Understandably there is considerable public anger at Horsham District Council’s allocation for development in the HDPF of huge tracts of countryside North of Horsham, west of Southwater and at Billingshurst.
However, those who value the countryside and the natural environment should also be very concerned that the HDPF’s policies for the natural environment and biodiversity will, because of their wording, carry less weight than national policies for same. This will have consequences for countryside and communities across Horsham District.
A planning consultancy provided an independent and objective appraisal for CPRE Sussex and proposed amendments to align the policies with the NPPF, which we submitted to the Planning Inspector, Geoff Salter, at the public examination of the HDPF last November.
All but one was rejected by the council’s officers on the grounds that to incorporate them would be ‘overly protective’, ‘too restrictive’ and ‘could conflict with the provision of necessary housing and employment growth’. Mr Salter did not disagree with the officers.
My understanding of Mr Salter’s position and that of the council is that in their view the environmental dimension of sustainable development carries less weight than the economic dimension, including housing and employment growth, and that it is their belief that councils can decide for themselves the extent to which their policies for the natural environment conform to NPPF policies.
It is CPRE Sussex’s view that Mr Salter and the council are mistaken and that conformity with NPPF policies would not prevent development, but it would require proper due diligence by decision-takers when considering applications and determining appropriate mitigation measures and conditions. It is also our understanding that local plans and plan policies, including those for the natural environment, must be in conformity with national policies - that conformity is not discretionary.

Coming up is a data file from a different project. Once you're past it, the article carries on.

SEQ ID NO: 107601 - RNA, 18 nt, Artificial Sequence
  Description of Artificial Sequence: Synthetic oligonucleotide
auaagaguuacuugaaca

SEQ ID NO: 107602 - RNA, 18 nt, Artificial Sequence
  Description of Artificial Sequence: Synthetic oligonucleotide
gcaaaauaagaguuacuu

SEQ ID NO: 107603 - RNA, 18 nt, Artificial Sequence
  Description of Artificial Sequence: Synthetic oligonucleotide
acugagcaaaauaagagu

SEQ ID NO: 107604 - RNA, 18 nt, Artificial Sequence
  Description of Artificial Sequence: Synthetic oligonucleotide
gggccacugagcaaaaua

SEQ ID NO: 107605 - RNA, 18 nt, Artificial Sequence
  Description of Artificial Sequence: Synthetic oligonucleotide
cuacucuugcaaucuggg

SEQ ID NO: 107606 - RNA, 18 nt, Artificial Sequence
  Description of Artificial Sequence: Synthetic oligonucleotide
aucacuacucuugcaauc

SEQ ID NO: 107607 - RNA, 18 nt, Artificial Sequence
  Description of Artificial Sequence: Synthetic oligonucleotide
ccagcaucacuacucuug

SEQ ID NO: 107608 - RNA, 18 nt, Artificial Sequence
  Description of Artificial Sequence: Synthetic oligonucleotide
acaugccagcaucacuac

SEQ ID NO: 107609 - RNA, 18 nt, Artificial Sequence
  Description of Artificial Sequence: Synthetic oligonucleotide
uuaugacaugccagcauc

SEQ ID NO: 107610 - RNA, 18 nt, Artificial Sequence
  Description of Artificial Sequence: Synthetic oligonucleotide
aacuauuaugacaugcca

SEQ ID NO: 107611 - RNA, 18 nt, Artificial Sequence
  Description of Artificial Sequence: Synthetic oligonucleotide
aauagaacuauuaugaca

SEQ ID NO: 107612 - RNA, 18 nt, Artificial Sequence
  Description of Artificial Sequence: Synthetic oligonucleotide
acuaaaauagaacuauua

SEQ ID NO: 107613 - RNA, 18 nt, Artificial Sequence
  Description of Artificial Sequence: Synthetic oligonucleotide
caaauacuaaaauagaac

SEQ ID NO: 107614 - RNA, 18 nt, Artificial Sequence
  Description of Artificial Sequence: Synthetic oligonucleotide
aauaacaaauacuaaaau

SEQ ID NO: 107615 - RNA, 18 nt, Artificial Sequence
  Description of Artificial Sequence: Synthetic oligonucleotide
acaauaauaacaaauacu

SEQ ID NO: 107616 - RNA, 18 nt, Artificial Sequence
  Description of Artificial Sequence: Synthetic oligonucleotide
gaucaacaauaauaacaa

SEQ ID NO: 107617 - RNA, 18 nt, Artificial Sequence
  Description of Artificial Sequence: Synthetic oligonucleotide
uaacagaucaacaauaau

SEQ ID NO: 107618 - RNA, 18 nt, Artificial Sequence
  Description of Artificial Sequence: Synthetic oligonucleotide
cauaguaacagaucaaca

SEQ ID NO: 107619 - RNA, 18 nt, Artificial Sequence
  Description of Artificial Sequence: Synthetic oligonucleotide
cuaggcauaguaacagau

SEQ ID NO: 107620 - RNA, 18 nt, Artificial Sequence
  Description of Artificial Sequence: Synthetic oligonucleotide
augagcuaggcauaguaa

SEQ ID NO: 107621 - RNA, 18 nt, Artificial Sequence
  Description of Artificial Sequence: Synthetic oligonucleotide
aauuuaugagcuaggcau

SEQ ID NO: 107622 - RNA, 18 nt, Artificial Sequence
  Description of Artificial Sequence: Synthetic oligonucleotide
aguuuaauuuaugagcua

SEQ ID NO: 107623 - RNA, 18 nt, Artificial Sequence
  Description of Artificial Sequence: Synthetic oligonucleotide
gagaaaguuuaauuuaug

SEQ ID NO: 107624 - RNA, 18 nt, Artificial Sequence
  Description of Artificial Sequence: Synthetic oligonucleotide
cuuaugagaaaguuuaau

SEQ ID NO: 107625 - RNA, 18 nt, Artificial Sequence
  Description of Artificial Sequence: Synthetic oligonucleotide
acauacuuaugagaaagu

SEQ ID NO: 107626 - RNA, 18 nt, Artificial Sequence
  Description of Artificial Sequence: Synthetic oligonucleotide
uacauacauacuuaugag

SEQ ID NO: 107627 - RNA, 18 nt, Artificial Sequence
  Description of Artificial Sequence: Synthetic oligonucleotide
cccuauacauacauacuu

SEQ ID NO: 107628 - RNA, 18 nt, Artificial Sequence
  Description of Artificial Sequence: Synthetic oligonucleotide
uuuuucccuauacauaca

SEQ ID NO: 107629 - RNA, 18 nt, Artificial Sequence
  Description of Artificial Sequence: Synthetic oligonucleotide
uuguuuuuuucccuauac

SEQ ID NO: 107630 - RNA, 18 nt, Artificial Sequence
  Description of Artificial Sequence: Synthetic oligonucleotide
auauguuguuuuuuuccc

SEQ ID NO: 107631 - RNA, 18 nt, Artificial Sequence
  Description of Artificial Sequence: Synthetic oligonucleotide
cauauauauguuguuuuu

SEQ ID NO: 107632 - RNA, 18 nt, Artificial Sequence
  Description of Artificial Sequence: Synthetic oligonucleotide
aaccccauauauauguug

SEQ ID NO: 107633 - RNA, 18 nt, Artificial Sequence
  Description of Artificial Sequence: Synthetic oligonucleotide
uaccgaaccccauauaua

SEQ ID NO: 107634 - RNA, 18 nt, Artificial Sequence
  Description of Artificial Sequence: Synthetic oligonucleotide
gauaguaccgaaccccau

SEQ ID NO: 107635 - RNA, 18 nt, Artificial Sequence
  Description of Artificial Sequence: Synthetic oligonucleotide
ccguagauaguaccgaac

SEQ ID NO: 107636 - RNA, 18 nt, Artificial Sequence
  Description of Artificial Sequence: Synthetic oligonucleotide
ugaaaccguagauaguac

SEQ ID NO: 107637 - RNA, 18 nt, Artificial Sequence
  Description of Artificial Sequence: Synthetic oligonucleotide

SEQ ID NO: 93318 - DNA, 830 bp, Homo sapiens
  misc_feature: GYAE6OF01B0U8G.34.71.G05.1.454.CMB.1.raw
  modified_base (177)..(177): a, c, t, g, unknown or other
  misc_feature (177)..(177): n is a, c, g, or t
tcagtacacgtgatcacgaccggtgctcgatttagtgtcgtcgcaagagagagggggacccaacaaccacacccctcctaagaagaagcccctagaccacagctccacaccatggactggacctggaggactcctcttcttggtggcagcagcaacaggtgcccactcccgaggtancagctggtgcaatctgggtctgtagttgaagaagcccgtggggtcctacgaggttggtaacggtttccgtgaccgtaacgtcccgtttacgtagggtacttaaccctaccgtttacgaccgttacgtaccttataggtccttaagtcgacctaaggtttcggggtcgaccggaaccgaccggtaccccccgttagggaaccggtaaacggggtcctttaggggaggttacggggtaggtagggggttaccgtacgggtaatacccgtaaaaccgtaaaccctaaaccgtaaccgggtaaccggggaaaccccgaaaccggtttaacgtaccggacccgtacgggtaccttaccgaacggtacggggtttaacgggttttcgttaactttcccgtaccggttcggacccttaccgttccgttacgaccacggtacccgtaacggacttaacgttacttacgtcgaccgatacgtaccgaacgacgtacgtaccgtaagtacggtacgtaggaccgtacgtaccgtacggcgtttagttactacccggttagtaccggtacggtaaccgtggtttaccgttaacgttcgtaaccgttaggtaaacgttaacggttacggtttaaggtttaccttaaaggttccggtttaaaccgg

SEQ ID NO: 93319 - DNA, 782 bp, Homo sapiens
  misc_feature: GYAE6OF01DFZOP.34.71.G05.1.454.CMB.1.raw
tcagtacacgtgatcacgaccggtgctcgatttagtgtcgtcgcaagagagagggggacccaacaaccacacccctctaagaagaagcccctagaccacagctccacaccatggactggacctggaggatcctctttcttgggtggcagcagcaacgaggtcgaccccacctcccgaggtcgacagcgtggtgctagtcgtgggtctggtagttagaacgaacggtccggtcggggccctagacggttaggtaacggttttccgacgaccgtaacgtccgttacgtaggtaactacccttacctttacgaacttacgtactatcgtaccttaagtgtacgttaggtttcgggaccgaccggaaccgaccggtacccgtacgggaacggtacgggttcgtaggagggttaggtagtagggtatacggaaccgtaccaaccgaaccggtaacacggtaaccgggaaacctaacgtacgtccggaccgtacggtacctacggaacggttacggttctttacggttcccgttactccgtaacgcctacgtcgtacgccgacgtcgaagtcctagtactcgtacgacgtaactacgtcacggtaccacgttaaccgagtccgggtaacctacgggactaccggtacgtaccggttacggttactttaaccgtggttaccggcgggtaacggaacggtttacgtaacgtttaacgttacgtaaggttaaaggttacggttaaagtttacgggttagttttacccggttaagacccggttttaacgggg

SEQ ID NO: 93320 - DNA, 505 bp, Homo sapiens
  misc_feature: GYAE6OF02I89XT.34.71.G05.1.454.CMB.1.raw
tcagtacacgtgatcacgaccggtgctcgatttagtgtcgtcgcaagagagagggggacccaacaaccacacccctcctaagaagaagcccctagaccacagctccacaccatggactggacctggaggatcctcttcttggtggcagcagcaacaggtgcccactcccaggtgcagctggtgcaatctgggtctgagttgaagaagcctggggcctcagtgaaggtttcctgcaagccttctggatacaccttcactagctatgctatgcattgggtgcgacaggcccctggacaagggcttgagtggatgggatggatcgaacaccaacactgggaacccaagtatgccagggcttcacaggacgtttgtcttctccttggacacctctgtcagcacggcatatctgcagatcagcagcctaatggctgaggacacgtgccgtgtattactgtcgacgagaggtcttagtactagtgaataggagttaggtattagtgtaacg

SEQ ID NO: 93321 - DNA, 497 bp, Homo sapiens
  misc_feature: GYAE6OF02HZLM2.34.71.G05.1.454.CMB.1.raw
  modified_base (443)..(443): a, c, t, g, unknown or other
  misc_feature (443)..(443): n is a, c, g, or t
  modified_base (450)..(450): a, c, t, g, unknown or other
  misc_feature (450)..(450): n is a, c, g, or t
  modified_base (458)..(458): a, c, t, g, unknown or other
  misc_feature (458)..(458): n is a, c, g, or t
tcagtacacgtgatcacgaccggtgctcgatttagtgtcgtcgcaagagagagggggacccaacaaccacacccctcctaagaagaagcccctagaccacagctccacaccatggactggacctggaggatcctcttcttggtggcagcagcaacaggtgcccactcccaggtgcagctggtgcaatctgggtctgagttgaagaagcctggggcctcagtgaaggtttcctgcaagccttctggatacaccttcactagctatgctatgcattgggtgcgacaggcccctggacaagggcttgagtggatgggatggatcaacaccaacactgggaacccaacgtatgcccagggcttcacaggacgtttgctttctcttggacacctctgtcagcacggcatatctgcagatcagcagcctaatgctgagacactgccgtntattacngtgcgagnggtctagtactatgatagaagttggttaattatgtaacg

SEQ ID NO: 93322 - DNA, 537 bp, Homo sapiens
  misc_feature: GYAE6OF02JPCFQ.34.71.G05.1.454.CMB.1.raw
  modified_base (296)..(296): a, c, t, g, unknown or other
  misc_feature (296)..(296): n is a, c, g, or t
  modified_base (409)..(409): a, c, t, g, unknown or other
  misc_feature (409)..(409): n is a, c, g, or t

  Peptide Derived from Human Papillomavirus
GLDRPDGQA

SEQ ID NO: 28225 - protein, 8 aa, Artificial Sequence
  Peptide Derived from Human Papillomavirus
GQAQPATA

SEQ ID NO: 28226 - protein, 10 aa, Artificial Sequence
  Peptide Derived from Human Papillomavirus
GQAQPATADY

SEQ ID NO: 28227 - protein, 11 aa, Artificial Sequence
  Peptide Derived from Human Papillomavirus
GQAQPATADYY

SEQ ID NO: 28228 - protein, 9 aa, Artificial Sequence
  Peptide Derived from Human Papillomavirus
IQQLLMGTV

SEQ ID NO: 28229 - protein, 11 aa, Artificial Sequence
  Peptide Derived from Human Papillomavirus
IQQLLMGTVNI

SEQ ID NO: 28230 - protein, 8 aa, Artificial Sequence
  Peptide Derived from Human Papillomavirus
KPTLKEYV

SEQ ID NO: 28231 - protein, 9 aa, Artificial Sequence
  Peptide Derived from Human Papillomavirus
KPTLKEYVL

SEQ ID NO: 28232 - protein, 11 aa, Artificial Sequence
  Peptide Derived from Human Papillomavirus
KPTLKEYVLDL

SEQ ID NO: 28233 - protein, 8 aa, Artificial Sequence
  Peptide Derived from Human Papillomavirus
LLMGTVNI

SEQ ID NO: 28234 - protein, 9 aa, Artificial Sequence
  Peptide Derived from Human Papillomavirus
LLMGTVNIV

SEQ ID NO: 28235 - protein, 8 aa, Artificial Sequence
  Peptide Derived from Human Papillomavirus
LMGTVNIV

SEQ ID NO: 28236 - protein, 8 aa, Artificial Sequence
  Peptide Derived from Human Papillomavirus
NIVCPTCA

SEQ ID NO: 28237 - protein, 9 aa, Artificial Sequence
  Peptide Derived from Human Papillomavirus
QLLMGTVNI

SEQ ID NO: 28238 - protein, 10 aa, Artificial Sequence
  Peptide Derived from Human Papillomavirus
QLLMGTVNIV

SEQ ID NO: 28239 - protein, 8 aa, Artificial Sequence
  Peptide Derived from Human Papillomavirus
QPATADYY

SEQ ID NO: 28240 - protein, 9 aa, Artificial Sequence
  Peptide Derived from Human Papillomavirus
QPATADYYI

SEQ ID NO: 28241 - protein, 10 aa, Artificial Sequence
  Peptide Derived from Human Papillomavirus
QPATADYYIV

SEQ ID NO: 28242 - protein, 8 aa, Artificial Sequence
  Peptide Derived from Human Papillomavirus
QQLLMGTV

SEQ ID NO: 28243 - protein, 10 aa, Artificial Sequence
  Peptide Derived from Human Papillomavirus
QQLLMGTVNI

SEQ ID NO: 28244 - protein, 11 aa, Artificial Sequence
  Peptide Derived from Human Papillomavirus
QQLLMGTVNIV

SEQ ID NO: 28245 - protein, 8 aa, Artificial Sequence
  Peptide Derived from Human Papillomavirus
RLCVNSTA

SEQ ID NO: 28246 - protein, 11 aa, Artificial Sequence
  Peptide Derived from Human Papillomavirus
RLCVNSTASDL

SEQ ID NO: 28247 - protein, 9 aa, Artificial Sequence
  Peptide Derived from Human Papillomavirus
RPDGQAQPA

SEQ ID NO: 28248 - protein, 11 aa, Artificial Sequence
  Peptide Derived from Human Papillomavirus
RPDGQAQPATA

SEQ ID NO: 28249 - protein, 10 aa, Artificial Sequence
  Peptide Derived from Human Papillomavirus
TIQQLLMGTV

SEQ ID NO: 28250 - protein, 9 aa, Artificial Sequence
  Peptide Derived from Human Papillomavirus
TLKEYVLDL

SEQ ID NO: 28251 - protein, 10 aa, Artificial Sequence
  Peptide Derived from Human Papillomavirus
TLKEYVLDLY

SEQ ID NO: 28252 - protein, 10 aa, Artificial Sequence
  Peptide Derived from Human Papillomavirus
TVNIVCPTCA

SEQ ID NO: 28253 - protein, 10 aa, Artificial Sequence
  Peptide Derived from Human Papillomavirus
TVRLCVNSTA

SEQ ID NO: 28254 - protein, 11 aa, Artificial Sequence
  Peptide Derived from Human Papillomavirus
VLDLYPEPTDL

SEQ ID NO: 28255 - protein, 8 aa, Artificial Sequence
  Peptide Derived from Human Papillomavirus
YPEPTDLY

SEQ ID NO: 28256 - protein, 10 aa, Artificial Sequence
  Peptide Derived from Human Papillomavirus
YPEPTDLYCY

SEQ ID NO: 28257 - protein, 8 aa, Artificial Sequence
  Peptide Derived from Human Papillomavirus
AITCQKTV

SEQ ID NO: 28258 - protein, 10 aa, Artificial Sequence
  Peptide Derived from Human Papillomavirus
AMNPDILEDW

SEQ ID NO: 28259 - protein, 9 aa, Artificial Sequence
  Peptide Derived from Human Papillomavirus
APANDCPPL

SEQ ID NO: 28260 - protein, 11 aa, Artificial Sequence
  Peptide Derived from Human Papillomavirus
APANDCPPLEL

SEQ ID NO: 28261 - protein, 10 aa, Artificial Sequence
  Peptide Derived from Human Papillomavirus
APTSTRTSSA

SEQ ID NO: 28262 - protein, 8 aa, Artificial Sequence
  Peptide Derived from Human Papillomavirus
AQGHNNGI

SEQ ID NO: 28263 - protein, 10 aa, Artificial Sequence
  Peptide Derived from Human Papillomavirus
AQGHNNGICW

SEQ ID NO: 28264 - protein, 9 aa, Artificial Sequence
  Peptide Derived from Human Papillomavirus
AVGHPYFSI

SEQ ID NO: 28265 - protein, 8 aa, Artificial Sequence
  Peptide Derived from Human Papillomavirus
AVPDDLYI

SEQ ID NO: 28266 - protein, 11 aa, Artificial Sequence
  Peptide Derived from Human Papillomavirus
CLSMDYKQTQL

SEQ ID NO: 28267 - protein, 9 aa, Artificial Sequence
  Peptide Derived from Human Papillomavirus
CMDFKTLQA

Meanwhile, the chief executive of the Planning Inspectorate (CEPI) will neither confirm nor deny whether it is the Planning Inspectorate’s position that the environmental dimension of sustainable development, as expressed in the NPPF, carries less weight than the economic dimension, and whether it is permissible for councils to adopt local-plan policies for the natural environment that are not in conformity with the wording of the NPPF.
However, responding to a question, asked under the Freedom of Information Act, the Department of Communities and Local Government has confirmed that to be sound a local plan ‘must conform with national policy’.
Accordingly, it would appear that unless a High Court Judge has ruled to the contrary, and notwithstanding CEPI’s reluctance to clarify the Inspectorate’s position, any local plan with policies, including those for the natural environment, that are not in conformity with national policies would be unsound – including Horsham District Council’s HDPF.
Dr Roger F Smith
Trustee CPRE Sussex, Bashurst Copse, Itchingfield
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